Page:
Monday, May 8, 2017

A Day in the Life of the Writing Project...

It's almost time for the Central Texas Writing Project! Last weekend, a group of teachers, professors, and authors gathered at Texas State University for our first pre-institute meeting. We gathered to share food, make introductions, and learn a bit about how the Writing Project works.
                                                "my mom holds her accent like a shotgun, 
                                                 with two good hands. 
                                                 her tongue, all brass knuckle 
                                                 slipping in between her lips
                                                 her hips, all laughter and wind clap."

The day began with a poem by Denice Frohman. Her poem, "Accents," set the stage for our journal writing time. After we had several minutes to write, we opened up the floor and got to hear from several brave teachers. Participants used Denice's poem as a springboard that turned into stories about their mothers, words they remember from childhood, stories of pain and strength, and the love of a family. Author's chair is one of the most special parts of any writer's workshop, and especially of the Writing Project.

Next, I got the opportunity to model a demonstration based on the book A Squiggly Story by Andrew Larsen. I've blogged previously about this gem of a book. We focused on kindergarten writing goals, invented spelling, and how important student ownership is in the writing process. The teachers put themselves in the place of 5 & 6 year old writers and practiced writing from a student point of view.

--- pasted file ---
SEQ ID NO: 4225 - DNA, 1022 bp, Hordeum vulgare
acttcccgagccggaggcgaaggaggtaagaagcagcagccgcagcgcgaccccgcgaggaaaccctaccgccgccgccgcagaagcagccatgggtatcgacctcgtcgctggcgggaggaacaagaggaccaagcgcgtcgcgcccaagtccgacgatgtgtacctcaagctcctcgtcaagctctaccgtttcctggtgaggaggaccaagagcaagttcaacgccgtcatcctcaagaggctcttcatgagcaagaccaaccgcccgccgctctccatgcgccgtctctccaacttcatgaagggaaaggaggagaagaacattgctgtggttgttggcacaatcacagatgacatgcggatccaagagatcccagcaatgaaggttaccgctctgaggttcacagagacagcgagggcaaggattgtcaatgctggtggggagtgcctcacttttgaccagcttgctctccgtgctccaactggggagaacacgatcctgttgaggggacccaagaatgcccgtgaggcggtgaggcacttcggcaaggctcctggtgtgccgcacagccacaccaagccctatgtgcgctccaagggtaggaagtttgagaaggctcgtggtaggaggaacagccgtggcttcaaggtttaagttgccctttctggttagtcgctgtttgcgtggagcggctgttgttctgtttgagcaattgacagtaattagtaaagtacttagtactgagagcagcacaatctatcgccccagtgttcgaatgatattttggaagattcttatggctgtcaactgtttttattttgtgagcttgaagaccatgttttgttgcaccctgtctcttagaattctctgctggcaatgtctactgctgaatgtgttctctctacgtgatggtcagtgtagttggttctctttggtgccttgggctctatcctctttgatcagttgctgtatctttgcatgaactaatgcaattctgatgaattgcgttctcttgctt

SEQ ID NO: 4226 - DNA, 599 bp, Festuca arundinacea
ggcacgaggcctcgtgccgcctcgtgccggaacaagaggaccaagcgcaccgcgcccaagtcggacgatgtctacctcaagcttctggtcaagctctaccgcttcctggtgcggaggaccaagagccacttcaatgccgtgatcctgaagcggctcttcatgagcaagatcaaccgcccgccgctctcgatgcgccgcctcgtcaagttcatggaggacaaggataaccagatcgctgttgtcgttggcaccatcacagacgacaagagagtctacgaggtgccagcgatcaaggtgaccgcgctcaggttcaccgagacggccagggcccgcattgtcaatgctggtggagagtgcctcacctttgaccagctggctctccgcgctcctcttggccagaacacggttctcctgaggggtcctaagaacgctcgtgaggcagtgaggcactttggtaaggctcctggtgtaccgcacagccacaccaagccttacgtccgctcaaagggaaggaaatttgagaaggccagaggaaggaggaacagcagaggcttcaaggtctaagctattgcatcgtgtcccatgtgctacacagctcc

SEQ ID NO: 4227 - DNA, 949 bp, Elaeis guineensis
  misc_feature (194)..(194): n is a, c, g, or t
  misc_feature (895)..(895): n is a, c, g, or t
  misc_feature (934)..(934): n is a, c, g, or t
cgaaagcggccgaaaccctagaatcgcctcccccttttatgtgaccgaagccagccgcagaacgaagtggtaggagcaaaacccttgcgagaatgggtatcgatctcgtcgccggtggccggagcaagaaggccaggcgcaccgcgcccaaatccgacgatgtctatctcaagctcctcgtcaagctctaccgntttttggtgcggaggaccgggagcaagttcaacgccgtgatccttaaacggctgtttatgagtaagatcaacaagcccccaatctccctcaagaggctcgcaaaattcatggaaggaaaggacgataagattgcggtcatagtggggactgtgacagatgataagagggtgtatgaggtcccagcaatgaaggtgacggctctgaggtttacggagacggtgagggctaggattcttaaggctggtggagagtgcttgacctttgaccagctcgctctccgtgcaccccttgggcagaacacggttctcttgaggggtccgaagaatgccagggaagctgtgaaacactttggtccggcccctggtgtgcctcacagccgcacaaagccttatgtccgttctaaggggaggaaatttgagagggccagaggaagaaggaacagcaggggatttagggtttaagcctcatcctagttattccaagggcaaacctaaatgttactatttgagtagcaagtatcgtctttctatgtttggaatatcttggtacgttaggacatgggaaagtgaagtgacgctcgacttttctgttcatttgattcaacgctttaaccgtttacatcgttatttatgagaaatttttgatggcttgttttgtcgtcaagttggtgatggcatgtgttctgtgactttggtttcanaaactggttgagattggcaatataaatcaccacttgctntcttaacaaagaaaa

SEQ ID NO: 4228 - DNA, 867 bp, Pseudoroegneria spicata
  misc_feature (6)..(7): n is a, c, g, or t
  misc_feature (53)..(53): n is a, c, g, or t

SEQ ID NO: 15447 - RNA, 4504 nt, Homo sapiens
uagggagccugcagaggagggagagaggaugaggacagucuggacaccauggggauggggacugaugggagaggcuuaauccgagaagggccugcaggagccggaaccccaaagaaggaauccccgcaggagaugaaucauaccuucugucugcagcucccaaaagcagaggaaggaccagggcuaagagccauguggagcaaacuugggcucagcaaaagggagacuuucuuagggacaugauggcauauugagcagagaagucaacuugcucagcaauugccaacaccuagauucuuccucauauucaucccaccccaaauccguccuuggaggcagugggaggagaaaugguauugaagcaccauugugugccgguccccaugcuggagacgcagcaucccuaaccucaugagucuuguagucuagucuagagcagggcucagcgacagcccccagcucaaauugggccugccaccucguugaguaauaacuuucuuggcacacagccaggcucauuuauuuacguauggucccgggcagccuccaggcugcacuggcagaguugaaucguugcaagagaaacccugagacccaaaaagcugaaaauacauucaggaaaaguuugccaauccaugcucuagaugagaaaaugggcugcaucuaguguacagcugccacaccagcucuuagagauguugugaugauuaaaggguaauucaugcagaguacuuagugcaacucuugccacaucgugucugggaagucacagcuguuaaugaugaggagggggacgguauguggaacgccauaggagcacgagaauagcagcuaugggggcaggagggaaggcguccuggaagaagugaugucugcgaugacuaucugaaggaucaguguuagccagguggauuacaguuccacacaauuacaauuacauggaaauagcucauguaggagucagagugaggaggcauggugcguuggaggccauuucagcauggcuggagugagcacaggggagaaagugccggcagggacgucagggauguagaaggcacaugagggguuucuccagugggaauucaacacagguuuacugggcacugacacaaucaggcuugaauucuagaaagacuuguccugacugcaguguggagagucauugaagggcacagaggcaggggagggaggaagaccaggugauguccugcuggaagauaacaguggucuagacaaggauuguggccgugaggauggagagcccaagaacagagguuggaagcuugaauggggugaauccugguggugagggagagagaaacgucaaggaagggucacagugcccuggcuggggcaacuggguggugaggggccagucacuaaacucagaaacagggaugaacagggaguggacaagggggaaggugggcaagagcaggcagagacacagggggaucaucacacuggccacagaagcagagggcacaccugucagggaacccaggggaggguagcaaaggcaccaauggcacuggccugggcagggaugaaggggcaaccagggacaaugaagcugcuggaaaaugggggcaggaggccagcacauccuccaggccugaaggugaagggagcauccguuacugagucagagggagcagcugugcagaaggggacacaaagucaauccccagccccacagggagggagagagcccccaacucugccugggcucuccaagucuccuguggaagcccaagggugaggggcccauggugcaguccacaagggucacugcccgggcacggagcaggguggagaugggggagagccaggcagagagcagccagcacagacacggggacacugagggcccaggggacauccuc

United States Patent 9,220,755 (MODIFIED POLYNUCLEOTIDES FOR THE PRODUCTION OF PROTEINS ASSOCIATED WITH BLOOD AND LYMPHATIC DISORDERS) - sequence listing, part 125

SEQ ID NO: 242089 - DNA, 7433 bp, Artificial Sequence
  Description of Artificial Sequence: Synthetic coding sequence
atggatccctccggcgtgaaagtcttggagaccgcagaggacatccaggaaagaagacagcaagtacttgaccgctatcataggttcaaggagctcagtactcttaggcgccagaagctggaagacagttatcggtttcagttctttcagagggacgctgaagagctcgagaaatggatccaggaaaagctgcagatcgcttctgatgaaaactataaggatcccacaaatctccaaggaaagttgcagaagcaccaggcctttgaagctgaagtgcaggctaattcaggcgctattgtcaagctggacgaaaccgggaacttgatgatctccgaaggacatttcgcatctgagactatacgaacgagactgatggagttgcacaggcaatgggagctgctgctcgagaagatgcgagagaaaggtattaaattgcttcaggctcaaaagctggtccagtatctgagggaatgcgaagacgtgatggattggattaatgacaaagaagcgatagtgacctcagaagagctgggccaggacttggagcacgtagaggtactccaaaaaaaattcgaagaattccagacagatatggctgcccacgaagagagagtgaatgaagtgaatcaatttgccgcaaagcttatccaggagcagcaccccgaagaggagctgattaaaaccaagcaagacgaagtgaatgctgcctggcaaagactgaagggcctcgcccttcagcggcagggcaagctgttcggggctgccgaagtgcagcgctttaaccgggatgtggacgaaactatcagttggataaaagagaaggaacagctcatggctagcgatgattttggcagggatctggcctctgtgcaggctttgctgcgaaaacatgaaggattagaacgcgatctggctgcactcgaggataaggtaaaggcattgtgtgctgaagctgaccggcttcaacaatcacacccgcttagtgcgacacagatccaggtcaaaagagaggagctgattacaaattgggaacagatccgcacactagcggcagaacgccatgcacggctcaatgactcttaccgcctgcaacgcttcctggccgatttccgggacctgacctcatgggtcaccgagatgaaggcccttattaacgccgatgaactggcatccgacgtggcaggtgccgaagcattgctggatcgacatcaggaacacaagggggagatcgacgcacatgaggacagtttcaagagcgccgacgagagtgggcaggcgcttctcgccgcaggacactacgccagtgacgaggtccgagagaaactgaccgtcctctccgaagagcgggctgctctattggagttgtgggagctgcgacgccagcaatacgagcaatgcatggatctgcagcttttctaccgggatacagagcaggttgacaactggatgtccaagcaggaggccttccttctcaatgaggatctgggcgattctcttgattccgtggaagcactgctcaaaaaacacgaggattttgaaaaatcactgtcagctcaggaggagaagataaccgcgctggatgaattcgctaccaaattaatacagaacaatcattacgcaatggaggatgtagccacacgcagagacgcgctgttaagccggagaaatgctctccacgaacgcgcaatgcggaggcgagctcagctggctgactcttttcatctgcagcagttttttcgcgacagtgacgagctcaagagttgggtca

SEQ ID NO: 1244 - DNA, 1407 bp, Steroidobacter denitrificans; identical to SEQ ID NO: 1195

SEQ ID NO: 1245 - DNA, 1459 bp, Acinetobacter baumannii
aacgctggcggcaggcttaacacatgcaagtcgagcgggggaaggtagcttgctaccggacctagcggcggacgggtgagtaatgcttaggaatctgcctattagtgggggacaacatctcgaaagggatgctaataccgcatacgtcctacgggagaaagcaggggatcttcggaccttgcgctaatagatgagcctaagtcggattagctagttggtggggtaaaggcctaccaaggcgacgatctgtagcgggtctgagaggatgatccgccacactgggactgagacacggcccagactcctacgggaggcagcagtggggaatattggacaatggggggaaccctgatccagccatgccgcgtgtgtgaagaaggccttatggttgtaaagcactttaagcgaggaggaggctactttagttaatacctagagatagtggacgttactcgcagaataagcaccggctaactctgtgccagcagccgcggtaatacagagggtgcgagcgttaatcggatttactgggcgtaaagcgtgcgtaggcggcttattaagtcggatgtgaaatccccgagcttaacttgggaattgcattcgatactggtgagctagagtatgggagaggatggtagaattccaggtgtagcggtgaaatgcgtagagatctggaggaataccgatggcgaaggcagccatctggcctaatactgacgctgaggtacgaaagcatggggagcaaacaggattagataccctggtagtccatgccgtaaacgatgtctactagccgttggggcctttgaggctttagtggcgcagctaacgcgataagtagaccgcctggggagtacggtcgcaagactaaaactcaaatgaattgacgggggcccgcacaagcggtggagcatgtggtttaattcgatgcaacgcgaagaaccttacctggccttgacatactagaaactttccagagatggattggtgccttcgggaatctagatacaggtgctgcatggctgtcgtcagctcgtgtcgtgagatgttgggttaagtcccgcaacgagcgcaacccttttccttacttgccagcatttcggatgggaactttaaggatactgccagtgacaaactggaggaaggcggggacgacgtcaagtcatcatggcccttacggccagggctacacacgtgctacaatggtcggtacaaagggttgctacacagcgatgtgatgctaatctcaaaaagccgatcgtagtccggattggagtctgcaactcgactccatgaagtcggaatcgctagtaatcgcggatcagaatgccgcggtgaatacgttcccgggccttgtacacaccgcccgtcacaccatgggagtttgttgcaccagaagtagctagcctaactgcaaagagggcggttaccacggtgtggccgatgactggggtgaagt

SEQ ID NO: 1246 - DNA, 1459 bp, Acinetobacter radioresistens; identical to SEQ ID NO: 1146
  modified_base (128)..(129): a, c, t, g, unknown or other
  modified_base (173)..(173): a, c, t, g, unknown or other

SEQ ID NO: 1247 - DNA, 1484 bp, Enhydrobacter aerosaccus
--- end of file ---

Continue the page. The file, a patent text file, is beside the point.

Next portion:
During lunchtime, the teachers met with their coaches to work on preparing the demonstration lessons that will be presented during the Writing Project. This time allows the future teacher consultants to match their classroom practice with behavior and education theory. They get an alternative viewpoint, a new mentor, and the encouragement of someone who has been through the Writing Project experience before.

We ended the day much the way it began. We watched a brief video on the What's Your Sentence project by Dan Pink.
After the video, we all reflected on the day, the video, and wrote our sentence. We shared our sentences around a circle, with bold statements about the teachers, men, women, and people we wanted to be. We wrote of how we want to be remembered, who we want to influence, and the children we hope to affect.

If you ever want to be a part of a professional development experience that will change your life, please look into a local Writing Project site. I cannot wait to get started!